• Writing for translation

    When you know you’ve got to prepare a document that is going to be translated into a number of different languages, writing with translation in mind could save you lots of time and money. But how to get it right? Here are our top tips for when you’re writing documentation for a global audience.

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  • machine learning

    Machine learning – what it means to us in the language industry

    One thing we’ve noticed from visiting a number of conferences outside the language industry recently is just how quickly technology is advancing. Take robotics, for example – what was once something you’d only find in a SciFi movie has now got people worried about the future of their livelihoods. While the language industry is innovating at an admittedly somewhat slower pace, it’s still evolving, especially with the help of machine learning.

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  • terminology management

    Terminology Management

    Terminology tends to go hand in hand with translation. But how does terminology management actually work? While it essentially describes a set of activities that ensure the right term is used throughout your translations, let’s find out more about the process that lies behind it.

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  • doing business in England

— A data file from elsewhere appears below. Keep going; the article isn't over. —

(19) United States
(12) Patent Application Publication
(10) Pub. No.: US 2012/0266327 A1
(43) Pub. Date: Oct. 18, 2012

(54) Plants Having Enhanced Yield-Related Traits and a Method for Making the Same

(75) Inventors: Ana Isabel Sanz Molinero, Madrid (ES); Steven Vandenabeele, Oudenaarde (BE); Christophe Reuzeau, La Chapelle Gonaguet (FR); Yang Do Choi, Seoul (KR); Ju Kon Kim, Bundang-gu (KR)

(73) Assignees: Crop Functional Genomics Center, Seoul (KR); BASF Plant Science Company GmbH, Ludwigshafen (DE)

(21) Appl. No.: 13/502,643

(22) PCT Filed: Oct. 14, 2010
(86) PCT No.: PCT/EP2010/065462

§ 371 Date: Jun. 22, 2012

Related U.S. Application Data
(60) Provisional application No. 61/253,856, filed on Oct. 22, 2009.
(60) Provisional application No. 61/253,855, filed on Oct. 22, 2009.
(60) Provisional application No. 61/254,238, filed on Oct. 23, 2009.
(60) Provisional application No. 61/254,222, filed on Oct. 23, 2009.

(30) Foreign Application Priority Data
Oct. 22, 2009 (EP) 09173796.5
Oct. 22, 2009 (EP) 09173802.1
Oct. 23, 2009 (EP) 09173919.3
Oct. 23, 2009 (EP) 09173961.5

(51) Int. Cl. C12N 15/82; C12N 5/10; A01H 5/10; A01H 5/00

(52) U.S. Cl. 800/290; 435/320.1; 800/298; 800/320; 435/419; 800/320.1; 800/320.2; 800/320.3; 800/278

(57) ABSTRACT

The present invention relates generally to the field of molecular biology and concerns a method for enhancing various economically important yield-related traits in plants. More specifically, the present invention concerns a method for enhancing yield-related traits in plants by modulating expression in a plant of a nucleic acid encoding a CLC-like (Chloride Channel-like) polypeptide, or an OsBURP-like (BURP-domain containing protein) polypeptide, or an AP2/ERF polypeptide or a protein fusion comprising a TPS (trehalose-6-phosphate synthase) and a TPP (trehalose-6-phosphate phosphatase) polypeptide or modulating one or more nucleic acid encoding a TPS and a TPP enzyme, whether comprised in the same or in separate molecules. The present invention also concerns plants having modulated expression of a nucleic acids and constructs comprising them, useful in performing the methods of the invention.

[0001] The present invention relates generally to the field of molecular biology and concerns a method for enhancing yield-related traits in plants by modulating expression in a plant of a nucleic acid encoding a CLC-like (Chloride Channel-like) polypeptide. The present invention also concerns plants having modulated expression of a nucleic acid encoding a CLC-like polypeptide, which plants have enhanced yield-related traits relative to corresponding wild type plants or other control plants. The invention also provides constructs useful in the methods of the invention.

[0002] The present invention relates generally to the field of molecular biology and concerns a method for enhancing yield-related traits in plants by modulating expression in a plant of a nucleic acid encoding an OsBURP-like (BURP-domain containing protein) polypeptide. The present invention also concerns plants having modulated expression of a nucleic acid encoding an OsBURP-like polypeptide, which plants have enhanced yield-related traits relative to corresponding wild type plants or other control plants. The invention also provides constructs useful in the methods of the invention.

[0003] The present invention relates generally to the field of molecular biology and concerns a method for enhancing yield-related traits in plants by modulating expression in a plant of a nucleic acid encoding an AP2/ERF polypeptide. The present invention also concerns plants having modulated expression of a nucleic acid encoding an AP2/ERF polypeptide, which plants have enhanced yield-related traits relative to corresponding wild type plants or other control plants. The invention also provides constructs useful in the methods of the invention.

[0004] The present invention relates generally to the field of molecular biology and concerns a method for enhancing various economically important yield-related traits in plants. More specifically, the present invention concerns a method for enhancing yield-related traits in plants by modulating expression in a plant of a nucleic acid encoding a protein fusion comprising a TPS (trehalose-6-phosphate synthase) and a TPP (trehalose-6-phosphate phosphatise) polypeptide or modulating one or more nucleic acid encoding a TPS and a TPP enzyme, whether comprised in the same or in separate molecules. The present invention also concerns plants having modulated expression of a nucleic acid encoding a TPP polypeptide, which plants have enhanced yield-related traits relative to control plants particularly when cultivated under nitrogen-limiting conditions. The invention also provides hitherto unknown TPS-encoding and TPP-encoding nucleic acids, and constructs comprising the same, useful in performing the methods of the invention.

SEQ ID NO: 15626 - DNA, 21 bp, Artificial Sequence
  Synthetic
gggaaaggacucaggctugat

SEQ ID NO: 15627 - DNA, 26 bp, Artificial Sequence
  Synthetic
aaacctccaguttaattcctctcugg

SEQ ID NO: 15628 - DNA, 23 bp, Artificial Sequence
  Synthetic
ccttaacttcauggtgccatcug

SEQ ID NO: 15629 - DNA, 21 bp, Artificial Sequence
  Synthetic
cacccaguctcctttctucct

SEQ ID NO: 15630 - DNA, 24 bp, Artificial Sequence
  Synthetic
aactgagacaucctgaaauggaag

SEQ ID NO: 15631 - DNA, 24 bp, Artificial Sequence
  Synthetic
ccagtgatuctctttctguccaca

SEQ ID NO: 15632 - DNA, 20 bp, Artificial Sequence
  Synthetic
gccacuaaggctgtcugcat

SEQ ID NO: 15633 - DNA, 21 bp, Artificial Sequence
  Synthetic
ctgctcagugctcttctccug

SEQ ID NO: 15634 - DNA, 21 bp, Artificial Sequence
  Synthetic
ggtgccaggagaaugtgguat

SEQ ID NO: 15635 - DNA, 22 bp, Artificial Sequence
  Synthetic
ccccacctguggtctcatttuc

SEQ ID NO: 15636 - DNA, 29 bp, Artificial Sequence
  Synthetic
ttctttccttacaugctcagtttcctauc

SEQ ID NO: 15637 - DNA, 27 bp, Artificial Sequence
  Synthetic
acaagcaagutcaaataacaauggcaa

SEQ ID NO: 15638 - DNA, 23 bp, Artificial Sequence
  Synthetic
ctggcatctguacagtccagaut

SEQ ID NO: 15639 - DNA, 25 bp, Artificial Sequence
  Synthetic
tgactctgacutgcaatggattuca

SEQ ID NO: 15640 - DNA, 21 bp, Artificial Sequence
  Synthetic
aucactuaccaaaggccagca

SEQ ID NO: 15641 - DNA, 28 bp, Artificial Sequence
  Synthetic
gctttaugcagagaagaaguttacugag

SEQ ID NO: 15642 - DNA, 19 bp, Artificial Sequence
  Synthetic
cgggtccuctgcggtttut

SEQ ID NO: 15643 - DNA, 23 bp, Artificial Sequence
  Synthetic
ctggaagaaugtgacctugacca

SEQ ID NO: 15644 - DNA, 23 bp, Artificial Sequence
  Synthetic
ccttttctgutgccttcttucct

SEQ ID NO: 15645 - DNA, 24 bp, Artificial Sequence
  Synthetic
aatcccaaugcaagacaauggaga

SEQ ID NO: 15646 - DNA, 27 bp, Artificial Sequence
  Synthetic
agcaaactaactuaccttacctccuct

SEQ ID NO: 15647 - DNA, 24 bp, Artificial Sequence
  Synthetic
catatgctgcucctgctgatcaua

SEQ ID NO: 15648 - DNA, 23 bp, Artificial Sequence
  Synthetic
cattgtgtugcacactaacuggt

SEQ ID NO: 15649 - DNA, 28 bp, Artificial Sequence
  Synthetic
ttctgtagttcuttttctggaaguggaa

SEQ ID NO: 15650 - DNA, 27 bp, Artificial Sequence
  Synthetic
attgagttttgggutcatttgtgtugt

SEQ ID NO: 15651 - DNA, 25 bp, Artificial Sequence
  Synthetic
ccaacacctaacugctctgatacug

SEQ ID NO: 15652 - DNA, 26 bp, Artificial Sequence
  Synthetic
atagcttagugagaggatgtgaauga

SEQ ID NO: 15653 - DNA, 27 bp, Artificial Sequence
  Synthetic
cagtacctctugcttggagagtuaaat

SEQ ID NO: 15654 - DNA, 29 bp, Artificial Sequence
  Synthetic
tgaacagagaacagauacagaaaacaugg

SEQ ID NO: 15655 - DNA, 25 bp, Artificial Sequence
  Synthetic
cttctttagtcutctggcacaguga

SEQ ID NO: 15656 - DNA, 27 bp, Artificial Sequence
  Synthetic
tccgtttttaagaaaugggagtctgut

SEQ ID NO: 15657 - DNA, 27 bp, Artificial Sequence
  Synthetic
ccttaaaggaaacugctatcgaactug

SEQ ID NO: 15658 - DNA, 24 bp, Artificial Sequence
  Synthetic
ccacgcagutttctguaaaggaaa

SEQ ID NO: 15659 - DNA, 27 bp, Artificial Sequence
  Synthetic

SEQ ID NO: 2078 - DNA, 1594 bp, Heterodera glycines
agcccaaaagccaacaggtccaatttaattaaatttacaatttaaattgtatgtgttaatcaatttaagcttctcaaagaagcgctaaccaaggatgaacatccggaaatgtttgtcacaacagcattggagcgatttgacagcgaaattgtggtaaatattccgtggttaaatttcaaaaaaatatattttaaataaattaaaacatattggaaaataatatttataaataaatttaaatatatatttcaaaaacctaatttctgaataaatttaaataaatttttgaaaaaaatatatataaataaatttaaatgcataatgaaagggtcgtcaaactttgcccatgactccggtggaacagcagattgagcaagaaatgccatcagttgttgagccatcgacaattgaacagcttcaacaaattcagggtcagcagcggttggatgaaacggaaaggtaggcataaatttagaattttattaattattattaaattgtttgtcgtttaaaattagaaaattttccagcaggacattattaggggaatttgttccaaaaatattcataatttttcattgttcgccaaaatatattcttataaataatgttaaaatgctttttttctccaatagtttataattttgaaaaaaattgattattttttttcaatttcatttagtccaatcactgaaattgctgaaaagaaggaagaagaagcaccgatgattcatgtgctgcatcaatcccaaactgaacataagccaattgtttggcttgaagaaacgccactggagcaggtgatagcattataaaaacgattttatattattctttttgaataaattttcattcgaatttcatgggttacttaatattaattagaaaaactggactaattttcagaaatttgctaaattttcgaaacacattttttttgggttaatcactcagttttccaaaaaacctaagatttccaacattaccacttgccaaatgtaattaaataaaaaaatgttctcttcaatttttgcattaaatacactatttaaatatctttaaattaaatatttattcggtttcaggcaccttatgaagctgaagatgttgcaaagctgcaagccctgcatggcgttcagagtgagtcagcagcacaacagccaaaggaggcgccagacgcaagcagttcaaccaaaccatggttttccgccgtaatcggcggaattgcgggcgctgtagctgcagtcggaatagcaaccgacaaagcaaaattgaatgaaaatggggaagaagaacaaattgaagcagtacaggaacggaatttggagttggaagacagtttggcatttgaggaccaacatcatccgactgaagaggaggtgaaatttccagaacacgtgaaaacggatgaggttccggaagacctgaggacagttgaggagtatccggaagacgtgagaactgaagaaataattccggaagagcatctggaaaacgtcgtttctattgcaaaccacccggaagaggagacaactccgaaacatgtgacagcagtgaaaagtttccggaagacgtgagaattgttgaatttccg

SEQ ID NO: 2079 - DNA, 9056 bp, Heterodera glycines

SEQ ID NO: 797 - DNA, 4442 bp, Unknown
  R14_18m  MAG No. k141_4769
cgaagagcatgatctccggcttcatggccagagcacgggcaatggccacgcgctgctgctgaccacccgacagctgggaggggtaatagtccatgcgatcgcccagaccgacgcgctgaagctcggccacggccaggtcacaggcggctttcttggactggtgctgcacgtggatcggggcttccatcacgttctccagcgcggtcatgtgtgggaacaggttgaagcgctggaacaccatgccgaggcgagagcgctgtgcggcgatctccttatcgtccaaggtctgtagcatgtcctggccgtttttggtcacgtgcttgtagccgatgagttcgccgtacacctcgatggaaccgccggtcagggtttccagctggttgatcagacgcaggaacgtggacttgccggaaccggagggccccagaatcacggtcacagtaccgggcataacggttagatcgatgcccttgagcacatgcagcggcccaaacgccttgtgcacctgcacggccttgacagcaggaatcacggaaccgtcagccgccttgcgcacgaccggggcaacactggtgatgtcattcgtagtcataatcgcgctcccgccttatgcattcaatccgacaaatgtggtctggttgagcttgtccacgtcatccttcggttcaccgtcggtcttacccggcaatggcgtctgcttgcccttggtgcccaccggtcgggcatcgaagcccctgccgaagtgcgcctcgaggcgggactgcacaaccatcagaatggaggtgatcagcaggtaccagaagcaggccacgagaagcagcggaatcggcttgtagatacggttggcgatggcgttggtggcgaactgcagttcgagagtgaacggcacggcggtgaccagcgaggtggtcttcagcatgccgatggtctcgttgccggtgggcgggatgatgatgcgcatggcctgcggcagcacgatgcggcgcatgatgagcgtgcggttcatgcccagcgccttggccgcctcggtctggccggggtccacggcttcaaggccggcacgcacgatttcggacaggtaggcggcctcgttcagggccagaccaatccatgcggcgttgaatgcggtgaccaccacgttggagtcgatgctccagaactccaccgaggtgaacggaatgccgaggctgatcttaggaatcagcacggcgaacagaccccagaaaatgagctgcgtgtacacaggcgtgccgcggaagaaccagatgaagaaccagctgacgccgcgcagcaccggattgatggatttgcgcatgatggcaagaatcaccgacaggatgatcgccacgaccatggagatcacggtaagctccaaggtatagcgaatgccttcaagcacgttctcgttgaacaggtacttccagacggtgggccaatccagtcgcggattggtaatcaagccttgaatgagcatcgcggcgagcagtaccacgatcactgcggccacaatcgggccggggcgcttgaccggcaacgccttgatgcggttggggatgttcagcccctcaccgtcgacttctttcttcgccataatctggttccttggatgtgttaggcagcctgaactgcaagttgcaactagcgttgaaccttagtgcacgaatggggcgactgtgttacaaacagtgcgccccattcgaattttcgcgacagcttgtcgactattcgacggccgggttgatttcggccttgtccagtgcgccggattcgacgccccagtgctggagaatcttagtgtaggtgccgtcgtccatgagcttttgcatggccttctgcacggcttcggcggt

Doing business in England

    If you’re looking at doing business in England, you’re surely going to be faced with the cultural barrier. Even if you’re from across “the pond” and assume that there’s nothing major to worry about because you speak English, there are still a few things to bear in mind.

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  • Minority languages in the UK

    A Look At The Minority Languages in the UK

    As a whole, we Brits have an (often well-earned) reputation of being pretty terrible at languages. The signs are there from comic scenes featuring middle-aged holidaymakers in Spain shouting and waving their arms around in a vain attempt to be understood, to more serious recent headlines about the number of students taking language GCSEs being in decline.

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  • Translations made to measure

    by Rachel Hideg, into English proofreader at Albion Languages

    In September 1999, NASA lost its Mars Climate Orbiter, worth USD 125 million, because the on-board software on the spacecraft was using the metric unit of Newton-seconds to measure impulse, while the ground computers were running software using the imperial unit of pound-seconds for the same measurement.

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